Accuracy of regeneration of vagal parasympathetic axons

Barbara Taylor, Thomas E. Finger, Genet D'Arcy, Stephen D. Roper

Research output: Contribution to journalArticlepeer-review

6 Scopus citations


The degree of accuracy with which regenerating preganglionic parasympathetic fibers can restore their original connections was examined in the frog, Rana pipiens. The normal motor pool of the vagus nerve was determined by labeling the vagal cardiac branch fibers with horseradish peroxidase (HRP). Cardiac neurons form a relatively compact subgroup within the rostral half of the vagal motor column and represent less than 5% of the total vagal motor pool. Five to 14 weeks after crushing the vagus nerve, HRP labeling revealed that a more extensive population of vagal motor neurons has reinnervated the cardiac branch. The regenerated cardiac motor neuron pool is about twice as numerous as normal but is still centered in the rostral half of the vagal motor column. These experiments show that regeneration of the cardiac branch of the vagus nerve is neither a random process nor one which is completely accurate. Some degree of accuracy is maintained during regeneration following a crush lesion. Neurons nearer the original cardiac motor pool are more likely to reinnervate the cardiac branch than are vagal motor neurons located at some distance from the original cardiac pool.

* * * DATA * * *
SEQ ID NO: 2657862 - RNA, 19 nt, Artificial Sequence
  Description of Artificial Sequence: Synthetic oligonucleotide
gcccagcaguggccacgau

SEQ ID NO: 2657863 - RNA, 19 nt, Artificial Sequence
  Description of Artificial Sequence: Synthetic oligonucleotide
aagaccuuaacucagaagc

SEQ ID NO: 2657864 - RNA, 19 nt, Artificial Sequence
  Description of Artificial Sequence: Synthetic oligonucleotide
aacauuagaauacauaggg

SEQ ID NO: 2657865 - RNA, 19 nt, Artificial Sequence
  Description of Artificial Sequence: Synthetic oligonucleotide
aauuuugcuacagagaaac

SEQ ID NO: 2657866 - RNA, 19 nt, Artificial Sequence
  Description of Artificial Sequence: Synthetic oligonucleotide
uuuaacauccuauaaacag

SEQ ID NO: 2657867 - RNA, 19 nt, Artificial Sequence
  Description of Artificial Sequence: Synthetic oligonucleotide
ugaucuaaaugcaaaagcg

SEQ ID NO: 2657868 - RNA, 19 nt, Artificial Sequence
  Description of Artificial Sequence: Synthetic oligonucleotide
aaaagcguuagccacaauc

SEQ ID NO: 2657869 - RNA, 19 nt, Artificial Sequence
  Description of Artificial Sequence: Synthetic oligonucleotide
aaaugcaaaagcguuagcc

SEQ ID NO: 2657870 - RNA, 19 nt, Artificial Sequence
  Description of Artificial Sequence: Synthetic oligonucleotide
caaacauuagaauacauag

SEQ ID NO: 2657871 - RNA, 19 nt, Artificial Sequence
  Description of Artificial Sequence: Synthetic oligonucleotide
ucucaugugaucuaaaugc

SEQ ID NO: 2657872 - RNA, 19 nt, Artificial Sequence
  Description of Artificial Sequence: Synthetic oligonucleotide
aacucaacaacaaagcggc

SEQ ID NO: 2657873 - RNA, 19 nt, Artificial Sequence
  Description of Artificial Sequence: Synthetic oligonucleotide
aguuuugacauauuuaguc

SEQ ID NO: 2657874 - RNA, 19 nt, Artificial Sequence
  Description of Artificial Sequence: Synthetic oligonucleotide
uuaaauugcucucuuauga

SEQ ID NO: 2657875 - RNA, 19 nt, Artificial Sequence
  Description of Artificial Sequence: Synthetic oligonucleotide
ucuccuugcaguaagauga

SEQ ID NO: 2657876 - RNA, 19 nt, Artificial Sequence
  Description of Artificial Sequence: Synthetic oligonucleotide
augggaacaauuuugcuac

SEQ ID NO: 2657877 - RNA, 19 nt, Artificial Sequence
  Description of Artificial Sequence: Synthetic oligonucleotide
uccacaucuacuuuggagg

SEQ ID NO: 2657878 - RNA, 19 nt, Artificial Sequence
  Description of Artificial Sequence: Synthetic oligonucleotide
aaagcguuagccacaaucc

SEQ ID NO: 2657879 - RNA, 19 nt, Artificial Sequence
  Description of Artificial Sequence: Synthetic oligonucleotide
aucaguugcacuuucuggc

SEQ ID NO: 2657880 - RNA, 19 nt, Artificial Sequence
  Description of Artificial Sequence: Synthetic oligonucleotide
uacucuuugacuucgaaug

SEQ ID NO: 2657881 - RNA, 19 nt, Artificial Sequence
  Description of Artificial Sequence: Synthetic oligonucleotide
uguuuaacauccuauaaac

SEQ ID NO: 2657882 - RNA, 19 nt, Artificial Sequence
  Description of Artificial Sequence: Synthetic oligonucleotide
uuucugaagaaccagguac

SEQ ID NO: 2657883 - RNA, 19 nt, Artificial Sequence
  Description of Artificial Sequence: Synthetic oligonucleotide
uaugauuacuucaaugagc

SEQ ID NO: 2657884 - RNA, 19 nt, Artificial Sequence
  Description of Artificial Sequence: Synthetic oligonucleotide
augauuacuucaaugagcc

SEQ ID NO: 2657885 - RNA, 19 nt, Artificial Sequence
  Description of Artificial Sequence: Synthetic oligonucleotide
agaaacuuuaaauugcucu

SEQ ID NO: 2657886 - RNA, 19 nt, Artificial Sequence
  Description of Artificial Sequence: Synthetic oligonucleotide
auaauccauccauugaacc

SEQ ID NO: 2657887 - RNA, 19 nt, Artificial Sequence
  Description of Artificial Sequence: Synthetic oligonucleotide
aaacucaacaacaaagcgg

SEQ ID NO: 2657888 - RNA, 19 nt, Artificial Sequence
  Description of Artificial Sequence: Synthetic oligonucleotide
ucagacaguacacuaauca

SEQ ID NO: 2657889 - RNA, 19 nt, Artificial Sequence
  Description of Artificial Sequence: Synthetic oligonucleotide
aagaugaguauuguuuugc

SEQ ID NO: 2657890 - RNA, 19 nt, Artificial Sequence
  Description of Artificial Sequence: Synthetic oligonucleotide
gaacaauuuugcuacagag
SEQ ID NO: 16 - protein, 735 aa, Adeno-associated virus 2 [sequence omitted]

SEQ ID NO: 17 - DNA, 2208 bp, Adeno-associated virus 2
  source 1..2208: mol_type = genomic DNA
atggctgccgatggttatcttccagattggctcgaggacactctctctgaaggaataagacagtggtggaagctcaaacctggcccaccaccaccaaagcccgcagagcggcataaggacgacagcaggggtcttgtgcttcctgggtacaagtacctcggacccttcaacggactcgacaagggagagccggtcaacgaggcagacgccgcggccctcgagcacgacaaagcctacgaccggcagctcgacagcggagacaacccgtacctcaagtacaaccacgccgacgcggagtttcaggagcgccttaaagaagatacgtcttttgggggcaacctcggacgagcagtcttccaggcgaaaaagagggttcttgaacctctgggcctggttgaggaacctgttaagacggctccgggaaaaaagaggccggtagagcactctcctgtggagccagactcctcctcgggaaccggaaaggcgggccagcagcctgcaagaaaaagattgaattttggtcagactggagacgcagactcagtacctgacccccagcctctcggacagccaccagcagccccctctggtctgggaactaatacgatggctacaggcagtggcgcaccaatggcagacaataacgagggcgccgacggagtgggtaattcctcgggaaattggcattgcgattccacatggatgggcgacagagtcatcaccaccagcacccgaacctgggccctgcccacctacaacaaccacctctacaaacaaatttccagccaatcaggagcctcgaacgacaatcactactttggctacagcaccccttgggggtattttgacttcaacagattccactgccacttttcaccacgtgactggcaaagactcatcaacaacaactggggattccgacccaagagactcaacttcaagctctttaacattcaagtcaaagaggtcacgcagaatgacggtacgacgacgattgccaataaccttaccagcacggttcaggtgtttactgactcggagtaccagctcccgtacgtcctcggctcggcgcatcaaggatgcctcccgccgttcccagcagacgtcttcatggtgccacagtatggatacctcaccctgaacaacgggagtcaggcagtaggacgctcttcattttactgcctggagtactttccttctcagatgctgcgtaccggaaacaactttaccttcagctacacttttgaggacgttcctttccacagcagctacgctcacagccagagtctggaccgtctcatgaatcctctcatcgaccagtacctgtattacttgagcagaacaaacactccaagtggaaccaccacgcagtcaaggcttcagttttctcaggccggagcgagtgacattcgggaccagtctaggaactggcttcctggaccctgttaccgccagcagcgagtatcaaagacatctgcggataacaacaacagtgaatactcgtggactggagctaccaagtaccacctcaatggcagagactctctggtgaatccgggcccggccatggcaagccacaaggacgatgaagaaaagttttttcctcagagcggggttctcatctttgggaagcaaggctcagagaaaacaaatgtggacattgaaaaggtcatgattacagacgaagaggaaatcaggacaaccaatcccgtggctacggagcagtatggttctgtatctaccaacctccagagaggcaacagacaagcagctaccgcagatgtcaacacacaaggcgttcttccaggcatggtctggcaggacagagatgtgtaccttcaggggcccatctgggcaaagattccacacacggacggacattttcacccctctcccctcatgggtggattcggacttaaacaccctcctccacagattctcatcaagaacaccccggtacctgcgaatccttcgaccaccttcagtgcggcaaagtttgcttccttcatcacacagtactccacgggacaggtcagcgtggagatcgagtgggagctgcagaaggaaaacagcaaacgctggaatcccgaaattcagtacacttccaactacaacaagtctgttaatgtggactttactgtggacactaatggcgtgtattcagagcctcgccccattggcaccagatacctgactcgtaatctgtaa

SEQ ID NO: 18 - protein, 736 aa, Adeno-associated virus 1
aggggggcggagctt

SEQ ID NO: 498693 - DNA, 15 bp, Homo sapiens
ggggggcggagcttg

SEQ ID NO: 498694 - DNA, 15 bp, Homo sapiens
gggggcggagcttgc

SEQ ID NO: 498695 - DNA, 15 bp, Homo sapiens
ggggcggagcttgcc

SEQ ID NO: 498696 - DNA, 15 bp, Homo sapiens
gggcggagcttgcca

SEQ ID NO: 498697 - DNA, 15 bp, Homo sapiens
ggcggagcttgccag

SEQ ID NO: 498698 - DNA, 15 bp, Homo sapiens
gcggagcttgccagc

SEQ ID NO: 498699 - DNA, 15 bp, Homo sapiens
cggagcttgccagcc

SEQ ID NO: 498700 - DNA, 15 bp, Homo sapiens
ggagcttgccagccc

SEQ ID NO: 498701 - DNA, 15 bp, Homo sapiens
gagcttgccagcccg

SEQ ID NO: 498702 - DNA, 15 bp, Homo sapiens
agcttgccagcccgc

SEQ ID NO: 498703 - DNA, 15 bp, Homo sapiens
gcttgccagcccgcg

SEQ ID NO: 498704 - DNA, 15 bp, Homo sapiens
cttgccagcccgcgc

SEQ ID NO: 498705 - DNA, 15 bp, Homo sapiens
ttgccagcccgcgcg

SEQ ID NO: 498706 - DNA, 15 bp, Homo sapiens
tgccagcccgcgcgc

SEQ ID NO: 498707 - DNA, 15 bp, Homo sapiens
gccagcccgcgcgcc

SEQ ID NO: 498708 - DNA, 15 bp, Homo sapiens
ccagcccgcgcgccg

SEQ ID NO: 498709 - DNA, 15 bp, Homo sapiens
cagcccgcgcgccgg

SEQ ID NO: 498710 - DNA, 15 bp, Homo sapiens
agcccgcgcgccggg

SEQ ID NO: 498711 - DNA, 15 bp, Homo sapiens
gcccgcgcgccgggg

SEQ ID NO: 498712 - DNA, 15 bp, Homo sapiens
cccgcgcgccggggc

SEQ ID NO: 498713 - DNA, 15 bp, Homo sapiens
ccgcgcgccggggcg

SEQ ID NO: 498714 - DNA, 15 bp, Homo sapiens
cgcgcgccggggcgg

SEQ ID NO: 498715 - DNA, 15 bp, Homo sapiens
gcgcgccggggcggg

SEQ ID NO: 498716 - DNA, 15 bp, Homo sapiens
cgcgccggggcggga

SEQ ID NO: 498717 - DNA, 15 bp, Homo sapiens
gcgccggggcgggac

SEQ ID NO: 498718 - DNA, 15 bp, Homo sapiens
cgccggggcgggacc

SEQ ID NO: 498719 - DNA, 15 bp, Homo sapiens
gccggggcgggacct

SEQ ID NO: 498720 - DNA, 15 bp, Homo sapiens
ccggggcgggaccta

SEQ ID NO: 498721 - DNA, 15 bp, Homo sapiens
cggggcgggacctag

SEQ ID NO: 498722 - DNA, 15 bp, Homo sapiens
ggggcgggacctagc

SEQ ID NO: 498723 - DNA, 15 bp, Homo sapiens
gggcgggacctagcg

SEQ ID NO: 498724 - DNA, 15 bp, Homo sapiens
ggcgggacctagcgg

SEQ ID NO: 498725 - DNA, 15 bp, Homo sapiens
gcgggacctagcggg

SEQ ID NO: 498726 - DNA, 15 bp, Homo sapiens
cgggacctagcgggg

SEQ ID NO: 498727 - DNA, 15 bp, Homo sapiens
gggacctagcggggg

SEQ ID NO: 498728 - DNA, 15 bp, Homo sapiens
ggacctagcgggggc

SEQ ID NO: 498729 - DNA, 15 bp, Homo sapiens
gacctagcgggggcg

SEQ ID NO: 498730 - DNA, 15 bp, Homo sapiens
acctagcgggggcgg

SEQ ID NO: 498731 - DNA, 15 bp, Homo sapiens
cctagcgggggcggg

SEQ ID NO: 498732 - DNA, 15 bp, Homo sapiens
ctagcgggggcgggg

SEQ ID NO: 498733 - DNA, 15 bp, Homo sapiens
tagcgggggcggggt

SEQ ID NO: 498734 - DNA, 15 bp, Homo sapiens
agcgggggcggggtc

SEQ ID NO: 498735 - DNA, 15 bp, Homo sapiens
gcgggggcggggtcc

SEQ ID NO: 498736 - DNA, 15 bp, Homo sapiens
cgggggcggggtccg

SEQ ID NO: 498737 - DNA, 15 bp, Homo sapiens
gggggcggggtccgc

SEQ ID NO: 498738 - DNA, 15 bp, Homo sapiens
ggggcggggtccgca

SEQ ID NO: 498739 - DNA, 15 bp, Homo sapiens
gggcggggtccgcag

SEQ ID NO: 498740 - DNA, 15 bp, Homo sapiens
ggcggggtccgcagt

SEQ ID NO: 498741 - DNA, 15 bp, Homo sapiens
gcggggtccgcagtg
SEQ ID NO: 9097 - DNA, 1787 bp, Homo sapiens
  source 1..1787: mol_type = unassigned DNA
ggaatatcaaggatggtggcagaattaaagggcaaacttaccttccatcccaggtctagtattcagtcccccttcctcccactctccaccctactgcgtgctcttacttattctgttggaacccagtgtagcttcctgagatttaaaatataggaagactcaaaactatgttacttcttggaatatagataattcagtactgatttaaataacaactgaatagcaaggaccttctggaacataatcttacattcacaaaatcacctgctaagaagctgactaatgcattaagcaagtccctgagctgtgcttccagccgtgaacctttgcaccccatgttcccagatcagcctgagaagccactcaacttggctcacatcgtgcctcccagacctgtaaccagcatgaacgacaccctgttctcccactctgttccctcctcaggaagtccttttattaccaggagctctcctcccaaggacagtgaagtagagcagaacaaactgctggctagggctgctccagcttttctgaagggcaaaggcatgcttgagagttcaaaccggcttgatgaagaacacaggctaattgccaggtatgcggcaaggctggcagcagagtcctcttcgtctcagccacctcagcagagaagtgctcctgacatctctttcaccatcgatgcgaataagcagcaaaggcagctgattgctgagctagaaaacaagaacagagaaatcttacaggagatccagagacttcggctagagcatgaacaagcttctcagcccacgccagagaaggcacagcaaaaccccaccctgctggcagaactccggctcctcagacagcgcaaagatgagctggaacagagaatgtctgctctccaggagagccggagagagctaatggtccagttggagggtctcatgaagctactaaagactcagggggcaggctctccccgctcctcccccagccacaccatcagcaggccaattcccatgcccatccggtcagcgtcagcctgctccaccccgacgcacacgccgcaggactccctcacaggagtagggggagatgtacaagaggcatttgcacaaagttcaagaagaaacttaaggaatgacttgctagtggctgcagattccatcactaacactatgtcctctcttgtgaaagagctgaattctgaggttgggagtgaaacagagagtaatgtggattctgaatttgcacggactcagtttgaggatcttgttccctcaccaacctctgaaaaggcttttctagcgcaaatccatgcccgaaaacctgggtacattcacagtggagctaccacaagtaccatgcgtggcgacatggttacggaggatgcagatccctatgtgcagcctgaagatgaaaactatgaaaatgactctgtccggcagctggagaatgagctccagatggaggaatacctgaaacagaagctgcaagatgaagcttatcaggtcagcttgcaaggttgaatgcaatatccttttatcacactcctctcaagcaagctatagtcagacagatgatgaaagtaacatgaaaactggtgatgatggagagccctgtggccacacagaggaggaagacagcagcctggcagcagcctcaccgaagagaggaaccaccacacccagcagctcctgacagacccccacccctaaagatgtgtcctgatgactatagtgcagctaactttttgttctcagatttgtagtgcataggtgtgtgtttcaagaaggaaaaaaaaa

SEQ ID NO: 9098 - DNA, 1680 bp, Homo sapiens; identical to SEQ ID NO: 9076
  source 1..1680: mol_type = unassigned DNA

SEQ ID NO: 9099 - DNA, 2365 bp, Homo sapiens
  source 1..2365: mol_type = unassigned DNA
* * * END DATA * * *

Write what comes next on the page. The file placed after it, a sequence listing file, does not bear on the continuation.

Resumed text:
Original languageEnglish (US)
Pages (from-to)145-153
Number of pages9
JournalJournal of Comparative Neurology
Issue number2
StatePublished - Dec 1 1983
Externally publishedYes


  • autonomic nervous system
  • cardiac ganglion
  • frog
  • horseradish peroxidase
  • motoneuron

ASJC Scopus subject areas

  • Neuroscience(all)


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